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From David Strauss <>
Subject Re: Large data files and no "edit in place"?
Date Tue, 30 Mar 2010 12:59:38 GMT
On 2010-03-30 05:54, Julian Simon wrote:
> My understanding is that Cassandra never updates data "in place" on
> disk - instead it completely re-creates the data files during a
> "flush".  Stop me if I'm wrong already ;-)

You're correct that existing SSTables are immutable; they are retired
following compaction rather than modified.

> So imagine we have a large data set in our ColumnFamily and we're
> constantly adding data to it.

Sounds like a good reason to consider Cassandra.

> Every [x] minutes or [y] bytes, the compaction process is triggered,
> and the entire data set is written to disk.

The compaction process takes several stages:

> So as our data set grows over time, the compaction process will result
> in an increasingly large IO operation to write all that data to disk
> each time.

I'll interpret that to mean "an increasingly large IO operation [for
each node] to write all that data to disk each time."

That is not entirely correct from an operational standpoint. In a
cluster where the node count exceeds ReplicationFactor, a single server
only handles a fraction of the rows in each CF. If a cluster ever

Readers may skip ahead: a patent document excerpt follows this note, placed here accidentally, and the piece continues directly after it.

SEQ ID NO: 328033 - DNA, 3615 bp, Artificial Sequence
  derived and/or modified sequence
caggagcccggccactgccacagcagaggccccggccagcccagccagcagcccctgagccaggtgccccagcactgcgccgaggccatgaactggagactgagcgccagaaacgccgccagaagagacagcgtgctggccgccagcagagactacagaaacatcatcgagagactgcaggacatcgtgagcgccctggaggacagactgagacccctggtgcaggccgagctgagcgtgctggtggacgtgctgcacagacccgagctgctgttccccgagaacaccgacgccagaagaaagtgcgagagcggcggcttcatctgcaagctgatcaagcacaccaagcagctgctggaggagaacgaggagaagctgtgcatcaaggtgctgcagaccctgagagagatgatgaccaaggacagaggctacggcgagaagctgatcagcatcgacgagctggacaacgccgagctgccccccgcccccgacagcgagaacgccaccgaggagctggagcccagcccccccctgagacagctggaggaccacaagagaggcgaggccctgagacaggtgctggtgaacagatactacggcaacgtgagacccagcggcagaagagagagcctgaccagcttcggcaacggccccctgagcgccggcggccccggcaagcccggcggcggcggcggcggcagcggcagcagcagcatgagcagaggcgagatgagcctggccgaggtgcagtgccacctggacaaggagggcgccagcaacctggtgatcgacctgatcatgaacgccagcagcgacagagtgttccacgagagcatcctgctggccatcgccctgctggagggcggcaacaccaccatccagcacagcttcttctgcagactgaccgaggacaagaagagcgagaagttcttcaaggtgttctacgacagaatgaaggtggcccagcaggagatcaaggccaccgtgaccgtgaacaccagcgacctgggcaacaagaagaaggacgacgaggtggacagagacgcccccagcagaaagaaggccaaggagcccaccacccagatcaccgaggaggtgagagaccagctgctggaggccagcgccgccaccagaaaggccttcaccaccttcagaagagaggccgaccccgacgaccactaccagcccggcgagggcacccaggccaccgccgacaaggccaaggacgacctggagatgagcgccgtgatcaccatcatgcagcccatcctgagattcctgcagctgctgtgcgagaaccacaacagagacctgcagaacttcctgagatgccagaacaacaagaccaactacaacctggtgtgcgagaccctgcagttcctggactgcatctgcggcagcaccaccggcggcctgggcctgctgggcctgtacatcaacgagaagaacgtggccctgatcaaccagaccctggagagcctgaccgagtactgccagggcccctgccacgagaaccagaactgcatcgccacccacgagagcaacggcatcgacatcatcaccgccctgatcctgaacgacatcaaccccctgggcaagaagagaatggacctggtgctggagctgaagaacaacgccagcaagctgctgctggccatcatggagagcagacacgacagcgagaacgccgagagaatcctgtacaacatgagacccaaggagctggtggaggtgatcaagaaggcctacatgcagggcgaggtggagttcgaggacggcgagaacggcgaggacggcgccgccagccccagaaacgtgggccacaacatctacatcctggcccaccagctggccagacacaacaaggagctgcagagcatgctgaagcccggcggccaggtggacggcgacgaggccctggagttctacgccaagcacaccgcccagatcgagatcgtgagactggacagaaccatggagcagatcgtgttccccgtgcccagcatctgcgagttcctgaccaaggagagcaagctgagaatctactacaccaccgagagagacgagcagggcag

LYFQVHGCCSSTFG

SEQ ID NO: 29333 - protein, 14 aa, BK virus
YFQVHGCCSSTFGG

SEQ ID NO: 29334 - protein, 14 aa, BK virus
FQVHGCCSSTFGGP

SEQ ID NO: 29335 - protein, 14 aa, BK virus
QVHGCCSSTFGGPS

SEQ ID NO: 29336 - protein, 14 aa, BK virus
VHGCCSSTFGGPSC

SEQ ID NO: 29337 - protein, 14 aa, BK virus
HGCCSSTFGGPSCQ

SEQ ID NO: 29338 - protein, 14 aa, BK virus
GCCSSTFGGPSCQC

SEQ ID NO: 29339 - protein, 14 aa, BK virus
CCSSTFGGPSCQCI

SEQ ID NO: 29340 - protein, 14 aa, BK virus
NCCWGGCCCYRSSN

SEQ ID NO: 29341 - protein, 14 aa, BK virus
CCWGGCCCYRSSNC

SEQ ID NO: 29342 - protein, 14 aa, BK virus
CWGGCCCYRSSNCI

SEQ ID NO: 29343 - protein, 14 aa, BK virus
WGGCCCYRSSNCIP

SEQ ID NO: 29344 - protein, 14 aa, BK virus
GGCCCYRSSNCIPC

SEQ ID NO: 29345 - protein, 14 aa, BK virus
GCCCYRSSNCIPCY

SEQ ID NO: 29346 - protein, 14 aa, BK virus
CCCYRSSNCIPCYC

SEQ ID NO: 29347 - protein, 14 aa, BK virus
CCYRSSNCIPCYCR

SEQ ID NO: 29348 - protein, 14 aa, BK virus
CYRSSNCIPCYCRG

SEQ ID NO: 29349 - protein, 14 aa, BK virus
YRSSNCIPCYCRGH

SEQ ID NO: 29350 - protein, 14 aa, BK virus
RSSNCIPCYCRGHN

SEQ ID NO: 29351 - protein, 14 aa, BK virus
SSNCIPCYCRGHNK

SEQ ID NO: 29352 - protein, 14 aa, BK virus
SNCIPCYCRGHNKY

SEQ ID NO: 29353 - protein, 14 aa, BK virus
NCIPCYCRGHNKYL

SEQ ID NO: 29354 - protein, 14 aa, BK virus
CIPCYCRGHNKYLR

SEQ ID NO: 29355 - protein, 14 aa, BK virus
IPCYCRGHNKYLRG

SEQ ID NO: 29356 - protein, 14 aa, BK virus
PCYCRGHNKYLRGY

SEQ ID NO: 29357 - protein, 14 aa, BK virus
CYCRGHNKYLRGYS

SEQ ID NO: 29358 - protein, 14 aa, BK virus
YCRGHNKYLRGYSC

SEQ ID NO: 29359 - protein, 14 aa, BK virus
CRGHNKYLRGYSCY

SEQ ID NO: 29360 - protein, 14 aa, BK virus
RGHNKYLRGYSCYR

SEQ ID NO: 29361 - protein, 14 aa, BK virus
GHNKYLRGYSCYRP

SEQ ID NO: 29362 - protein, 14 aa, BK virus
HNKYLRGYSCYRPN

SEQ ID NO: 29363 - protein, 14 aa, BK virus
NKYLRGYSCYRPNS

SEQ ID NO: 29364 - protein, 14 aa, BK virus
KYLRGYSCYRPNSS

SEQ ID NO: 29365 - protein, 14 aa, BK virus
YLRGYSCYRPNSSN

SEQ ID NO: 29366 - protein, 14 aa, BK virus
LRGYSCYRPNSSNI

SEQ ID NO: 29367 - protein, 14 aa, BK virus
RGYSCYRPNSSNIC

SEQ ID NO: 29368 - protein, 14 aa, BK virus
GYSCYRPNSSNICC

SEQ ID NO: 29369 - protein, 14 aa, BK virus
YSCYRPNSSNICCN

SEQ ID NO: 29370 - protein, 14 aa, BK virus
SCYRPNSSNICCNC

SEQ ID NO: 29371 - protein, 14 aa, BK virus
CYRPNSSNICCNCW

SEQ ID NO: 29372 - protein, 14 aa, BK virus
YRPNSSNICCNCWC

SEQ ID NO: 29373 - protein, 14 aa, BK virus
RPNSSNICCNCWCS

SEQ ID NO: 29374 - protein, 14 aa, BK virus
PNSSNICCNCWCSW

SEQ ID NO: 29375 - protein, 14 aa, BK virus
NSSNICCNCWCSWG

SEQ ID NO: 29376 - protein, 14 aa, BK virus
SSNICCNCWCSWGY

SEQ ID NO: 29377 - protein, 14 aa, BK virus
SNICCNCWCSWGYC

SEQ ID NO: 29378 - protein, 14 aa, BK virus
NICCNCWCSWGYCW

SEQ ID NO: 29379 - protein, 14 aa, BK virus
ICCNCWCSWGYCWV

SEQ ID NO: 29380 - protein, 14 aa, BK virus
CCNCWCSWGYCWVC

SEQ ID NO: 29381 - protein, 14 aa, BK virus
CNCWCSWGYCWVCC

reached the point where, on some boxes, compaction required too much IO
to sustain, you would simply expand the cluster (keeping the same
ReplicationFactor). This would distribute the load over more nodes.

> We could easily be talking about single data files in the
> many-gigabyte size range, no?  Or is there a file size limit that I'm
> not aware of?

It's certainly possible to reach a multi-GB size for the SSTable files,
but that should not be a problem.

> If not, is this an efficient approach to take for large data sets?
> Seems like we would become awfully IO bound, writing the entire thing
> from scratch each time.
> Do let me know if I've gotten it all wrong ;-)

The mistake you're making is assuming that IO capability is equivalent
for sequential and random activity. A system that replaces items on disk
(when possible) may write fewer bytes to disk, but it is at the cost of
many seeks. On a standard hard disk, those seeks are expensive.
Cassandra is optimized around avoiding seeks on write, even if it has to
write much more data sequentially over the long term.

Imagine I was asking you to fetch water from around the city. For the
first round, I have you fetch 100 thimbles of water randomly scattered
over the city. It's not very much water, but it takes you a very long time.

On the second round, I have you fetch 20x the water in volume (say, 20
buckets), but it's all on one street corner. Despite the considerable
increase in volume, you're done much faster on the second round.

Then, on an ongoing basis, you have the daily choice of fetching 30
thimbles (30% of the original thimble set) all over town or 20 buckets
(100% of the original set) on a designated street corner.

You'd want to pick the bucket option -- despite the higher volume -- and
your hard disk would agree.

David Strauss
Four Kitchens
   | +1 512 454 6659 [office]
   | +1 512 870 8453 [direct]

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